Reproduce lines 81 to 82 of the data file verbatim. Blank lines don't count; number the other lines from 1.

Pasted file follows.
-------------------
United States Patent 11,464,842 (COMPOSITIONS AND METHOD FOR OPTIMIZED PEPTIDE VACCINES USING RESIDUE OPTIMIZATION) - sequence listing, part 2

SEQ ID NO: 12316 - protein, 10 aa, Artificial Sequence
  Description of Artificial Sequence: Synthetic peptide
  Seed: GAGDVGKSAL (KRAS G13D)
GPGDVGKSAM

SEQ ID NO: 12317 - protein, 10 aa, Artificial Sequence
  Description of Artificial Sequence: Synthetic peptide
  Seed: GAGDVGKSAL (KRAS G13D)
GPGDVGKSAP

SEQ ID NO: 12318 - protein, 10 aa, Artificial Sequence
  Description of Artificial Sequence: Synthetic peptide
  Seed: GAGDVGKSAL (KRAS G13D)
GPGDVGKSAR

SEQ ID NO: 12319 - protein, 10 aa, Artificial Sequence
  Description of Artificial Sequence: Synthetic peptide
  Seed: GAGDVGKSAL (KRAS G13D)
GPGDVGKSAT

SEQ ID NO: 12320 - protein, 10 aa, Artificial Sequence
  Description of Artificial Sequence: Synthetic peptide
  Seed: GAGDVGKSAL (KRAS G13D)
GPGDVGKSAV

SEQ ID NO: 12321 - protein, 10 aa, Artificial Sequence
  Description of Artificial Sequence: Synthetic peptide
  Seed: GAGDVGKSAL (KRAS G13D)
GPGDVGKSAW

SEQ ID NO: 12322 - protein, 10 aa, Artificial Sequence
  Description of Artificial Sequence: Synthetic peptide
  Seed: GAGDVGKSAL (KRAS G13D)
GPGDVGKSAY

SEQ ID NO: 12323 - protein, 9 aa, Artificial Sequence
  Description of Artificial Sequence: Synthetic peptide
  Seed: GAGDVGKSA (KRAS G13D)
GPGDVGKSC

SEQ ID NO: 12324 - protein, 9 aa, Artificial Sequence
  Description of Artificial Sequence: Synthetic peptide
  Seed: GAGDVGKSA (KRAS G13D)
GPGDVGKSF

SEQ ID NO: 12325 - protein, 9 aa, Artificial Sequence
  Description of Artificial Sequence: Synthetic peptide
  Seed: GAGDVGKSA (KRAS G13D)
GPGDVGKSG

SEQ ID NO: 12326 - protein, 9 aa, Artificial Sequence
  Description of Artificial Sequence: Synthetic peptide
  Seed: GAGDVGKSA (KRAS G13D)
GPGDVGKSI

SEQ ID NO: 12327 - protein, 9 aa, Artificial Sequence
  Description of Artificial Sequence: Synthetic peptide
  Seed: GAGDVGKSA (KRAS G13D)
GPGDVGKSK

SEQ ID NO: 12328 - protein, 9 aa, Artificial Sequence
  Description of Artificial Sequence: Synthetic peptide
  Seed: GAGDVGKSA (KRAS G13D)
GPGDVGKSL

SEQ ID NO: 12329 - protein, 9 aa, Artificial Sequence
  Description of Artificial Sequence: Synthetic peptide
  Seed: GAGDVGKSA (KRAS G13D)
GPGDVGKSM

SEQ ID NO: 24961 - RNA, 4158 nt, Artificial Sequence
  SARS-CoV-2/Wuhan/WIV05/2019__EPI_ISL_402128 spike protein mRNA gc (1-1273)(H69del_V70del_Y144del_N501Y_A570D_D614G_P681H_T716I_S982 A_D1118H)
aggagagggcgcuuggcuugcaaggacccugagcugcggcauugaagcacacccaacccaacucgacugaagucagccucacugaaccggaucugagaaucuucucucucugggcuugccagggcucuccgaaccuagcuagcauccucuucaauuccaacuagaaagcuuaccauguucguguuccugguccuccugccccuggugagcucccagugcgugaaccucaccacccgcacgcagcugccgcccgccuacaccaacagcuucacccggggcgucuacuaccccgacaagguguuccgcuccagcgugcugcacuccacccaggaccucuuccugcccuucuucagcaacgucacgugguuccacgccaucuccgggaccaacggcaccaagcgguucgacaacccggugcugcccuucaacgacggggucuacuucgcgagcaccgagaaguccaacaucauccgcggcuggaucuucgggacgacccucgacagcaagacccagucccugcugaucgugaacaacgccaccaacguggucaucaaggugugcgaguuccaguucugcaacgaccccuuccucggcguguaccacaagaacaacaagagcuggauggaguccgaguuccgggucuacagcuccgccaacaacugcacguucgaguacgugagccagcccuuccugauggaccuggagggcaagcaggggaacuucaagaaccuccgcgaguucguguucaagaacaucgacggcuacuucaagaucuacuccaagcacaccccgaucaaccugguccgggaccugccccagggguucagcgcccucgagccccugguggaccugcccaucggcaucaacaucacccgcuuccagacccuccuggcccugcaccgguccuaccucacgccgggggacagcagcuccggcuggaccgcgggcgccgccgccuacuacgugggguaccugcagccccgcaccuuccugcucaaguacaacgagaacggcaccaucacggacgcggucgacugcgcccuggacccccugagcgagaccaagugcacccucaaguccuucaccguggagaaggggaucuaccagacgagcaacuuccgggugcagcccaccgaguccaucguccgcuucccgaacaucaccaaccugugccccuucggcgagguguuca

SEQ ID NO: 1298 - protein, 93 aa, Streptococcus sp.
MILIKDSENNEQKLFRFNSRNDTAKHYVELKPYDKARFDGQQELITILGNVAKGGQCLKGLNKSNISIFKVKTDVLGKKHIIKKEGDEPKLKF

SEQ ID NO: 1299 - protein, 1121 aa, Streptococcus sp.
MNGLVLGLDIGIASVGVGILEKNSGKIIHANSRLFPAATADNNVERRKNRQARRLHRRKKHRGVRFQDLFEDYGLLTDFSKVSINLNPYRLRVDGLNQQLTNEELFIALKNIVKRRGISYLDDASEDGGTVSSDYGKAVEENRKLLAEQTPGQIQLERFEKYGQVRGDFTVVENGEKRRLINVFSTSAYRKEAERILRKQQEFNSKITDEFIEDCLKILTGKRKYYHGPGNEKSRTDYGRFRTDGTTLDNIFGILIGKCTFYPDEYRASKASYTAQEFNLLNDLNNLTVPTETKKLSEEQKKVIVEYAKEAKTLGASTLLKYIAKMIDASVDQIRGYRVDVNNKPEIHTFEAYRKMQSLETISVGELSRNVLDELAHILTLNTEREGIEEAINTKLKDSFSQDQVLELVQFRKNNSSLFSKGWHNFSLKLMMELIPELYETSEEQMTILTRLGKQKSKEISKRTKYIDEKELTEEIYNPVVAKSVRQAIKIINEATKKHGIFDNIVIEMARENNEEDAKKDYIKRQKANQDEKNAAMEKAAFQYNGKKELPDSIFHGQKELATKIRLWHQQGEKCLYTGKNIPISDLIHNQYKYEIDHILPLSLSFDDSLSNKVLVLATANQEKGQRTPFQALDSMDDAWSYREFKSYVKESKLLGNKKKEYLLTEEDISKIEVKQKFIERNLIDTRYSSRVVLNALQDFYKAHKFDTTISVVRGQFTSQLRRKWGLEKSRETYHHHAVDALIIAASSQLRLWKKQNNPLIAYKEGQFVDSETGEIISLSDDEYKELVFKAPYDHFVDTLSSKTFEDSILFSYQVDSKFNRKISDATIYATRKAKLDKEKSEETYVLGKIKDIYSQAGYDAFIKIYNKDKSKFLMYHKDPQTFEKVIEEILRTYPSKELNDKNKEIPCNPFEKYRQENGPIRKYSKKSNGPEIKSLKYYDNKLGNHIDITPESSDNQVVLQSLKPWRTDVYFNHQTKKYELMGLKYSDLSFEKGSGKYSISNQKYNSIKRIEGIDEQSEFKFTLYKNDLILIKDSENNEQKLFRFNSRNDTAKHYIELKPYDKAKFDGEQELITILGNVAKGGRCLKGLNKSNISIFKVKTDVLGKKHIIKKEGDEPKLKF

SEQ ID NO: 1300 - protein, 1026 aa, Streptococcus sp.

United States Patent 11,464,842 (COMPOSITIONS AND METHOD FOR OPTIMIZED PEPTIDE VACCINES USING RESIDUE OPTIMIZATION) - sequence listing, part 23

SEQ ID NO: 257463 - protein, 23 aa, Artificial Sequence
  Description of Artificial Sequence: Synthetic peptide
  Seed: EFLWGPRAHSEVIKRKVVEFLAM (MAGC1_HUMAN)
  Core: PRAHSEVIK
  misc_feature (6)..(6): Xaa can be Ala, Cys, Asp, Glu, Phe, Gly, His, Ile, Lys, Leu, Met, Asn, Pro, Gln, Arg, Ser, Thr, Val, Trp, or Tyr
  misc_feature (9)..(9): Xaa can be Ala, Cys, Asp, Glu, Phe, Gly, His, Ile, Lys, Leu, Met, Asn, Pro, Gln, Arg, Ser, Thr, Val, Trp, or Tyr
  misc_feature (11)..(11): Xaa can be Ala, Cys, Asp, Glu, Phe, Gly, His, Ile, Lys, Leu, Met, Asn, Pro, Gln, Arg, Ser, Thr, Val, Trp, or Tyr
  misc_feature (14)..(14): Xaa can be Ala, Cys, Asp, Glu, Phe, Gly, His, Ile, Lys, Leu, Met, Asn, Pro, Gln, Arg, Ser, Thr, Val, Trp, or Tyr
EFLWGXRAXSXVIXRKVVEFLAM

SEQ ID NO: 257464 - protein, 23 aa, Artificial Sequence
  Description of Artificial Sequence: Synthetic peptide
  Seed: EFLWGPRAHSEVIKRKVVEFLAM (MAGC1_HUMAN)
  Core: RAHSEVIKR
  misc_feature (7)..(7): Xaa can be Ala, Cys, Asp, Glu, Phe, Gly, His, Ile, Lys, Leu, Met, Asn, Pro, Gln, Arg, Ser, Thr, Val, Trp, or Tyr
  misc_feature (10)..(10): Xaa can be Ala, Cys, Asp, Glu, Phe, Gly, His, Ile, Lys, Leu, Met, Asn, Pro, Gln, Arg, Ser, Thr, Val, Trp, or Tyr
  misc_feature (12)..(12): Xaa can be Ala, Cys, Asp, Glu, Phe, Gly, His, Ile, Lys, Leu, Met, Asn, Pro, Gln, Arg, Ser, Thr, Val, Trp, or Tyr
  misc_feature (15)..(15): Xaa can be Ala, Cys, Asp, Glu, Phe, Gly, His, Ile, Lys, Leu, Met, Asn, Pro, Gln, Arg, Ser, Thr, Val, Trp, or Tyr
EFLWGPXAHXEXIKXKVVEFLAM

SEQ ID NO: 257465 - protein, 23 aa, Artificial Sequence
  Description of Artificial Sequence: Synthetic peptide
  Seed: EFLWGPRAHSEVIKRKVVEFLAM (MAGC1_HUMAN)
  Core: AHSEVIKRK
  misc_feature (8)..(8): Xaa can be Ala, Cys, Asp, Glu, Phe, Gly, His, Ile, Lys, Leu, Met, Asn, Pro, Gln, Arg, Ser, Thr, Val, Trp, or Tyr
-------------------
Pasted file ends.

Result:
  misc_feature (10)..(10): Xaa can be Ala, Cys, Asp, Glu, Phe, Gly, His, Ile, Lys, Leu, Met, Asn, Pro, Gln, Arg, Ser, Thr, Val, Trp, or Tyr
  misc_feature (12)..(12): Xaa can be Ala, Cys, Asp, Glu, Phe, Gly, His, Ile, Lys, Leu, Met, Asn, Pro, Gln, Arg, Ser, Thr, Val, Trp, or Tyr